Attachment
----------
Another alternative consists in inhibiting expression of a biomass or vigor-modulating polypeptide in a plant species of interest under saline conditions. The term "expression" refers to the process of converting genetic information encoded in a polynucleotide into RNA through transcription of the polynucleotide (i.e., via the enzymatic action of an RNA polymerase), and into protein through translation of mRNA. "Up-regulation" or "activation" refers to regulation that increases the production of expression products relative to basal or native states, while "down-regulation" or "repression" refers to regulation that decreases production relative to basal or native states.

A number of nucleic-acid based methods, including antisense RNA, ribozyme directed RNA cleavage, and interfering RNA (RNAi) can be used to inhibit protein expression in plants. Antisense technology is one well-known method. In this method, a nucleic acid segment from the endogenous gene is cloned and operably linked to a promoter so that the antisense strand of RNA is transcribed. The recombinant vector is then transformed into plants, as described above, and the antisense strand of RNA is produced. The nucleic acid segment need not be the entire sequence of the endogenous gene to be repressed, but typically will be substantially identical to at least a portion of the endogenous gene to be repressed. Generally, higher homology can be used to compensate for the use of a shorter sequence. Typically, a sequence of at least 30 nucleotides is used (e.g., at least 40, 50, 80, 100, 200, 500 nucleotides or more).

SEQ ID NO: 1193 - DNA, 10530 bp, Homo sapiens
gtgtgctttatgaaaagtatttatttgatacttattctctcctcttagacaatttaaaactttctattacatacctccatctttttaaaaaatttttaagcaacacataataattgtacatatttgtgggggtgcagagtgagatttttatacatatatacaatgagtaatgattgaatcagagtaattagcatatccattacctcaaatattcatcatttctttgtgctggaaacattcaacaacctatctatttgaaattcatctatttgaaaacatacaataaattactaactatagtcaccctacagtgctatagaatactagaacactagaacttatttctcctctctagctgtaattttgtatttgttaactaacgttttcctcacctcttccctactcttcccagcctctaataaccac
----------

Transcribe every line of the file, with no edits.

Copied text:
Another alternative consists in inhibiting expression of a biomass or vigor-modulating polypeptide in a plant species of interest under saline conditions. The term "expression" refers to the process of converting genetic information encoded in a polynucleotide into RNA through transcription of the polynucleotide (i.e., via the enzymatic action of an RNA polymerase), and into protein through translation of mRNA. "Up-regulation" or "activation" refers to regulation that increases the production of expression products relative to basal or native states, while "down-regulation" or "repression" refers to regulation that decreases production relative to basal or native states.

A number of nucleic-acid based methods, including antisense RNA, ribozyme directed RNA cleavage, and interfering RNA (RNAi) can be used to inhibit protein expression in plants. Antisense technology is one well-known method. In this method, a nucleic acid segment from the endogenous gene is cloned and operably linked to a promoter so that the antisense strand of RNA is transcribed. The recombinant vector is then transformed into plants, as described above, and the antisense strand of RNA is produced. The nucleic acid segment need not be the entire sequence of the endogenous gene to be repressed, but typically will be substantially identical to at least a portion of the endogenous gene to be repressed. Generally, higher homology can be used to compensate for the use of a shorter sequence. Typically, a sequence of at least 30 nucleotides is used (e.g., at least 40, 50, 80, 100, 200, 500 nucleotides or more).

SEQ ID NO: 1193 - DNA, 10530 bp, Homo sapiens
gtgtgctttatgaaaagtatttatttgatacttattctctcctcttagacaatttaaaactttctattacatacctccatctttttaaaaaatttttaagcaacacataataattgtacatatttgtgggggtgcagagtgagatttttatacatatatacaatgagtaatgattgaatcagagtaattagcatatccattacctcaaatattcatcatttctttgtgctggaaacattcaacaacctatctatttgaaattcatctatttgaaaacatacaataaattactaactatagtcaccctacagtgctatagaatactagaacactagaacttatttctcctctctagctgtaattttgtatttgttaactaacgttttcctcacctcttccctactcttcccagcctctaataaccac